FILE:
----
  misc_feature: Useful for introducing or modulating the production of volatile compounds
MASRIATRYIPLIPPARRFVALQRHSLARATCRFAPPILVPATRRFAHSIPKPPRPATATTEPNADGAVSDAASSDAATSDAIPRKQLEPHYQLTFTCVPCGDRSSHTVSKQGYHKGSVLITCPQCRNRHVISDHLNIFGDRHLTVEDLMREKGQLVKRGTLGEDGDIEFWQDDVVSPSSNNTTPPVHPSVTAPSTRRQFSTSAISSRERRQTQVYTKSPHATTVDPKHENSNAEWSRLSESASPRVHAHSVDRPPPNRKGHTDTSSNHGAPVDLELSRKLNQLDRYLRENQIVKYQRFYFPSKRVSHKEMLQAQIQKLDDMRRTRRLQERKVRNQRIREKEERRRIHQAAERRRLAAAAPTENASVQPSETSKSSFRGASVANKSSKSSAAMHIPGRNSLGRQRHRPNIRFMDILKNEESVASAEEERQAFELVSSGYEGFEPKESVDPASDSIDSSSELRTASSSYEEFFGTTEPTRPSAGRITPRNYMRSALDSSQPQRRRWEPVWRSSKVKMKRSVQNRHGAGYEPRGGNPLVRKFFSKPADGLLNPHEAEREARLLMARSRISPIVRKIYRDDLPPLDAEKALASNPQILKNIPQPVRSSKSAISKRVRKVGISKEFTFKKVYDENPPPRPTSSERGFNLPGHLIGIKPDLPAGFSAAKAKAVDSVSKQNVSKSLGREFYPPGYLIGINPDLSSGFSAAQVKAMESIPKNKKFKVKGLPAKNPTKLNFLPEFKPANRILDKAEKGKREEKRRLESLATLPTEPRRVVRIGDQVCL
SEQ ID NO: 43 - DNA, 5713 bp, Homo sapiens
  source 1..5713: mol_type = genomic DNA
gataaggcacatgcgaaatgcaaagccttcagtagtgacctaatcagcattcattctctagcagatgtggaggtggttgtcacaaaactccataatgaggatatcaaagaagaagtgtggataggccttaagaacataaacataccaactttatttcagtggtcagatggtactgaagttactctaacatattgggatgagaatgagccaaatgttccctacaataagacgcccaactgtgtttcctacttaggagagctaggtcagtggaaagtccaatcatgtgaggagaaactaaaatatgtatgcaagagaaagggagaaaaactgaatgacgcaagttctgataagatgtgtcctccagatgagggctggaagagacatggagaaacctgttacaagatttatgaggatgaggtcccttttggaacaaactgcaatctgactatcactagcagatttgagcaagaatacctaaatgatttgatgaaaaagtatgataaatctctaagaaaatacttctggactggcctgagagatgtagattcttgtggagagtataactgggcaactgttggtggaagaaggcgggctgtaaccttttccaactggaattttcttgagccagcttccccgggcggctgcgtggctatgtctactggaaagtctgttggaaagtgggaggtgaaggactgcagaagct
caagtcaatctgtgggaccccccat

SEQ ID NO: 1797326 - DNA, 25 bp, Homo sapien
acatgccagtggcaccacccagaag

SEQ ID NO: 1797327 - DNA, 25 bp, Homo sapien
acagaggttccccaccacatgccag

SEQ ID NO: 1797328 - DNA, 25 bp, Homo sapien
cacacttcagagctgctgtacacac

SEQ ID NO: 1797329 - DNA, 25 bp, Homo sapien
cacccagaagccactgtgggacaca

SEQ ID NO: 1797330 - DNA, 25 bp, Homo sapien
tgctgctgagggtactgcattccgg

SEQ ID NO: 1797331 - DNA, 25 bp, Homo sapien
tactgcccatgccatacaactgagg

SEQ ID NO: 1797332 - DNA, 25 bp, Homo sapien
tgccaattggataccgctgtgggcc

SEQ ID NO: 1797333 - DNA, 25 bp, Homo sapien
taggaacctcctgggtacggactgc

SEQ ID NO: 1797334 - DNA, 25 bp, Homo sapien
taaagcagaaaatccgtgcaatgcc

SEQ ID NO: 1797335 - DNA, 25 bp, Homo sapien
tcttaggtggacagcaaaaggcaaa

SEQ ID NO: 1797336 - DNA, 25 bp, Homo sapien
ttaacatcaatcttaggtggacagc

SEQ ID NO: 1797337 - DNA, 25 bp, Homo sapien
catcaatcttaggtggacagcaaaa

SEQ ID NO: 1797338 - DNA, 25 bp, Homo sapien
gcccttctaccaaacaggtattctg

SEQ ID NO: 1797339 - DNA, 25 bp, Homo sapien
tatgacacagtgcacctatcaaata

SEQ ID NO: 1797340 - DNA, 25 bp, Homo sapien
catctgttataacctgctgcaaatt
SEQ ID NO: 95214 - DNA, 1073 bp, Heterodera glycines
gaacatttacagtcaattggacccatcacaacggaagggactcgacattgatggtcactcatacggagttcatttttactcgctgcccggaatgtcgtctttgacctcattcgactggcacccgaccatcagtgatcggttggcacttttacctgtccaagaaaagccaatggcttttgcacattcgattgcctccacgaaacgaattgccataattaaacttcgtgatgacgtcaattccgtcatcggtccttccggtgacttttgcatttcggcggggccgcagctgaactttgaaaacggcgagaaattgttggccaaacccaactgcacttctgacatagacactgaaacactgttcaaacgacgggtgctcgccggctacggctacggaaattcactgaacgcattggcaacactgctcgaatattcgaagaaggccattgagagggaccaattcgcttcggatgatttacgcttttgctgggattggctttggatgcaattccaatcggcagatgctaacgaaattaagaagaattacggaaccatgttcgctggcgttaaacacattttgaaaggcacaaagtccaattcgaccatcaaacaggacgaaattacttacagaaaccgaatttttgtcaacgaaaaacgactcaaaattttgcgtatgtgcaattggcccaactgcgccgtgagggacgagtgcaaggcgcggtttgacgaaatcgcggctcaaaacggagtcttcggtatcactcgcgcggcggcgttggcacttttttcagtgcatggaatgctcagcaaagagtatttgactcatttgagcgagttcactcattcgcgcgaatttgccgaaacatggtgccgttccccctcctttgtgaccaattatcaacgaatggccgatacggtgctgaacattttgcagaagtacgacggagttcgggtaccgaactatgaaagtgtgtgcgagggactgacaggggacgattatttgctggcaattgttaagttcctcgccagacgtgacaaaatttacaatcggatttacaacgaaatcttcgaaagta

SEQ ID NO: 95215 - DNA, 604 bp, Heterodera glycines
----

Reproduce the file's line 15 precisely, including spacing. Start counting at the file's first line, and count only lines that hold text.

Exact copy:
SEQ ID NO: 1797330 - DNA, 25 bp, Homo sapien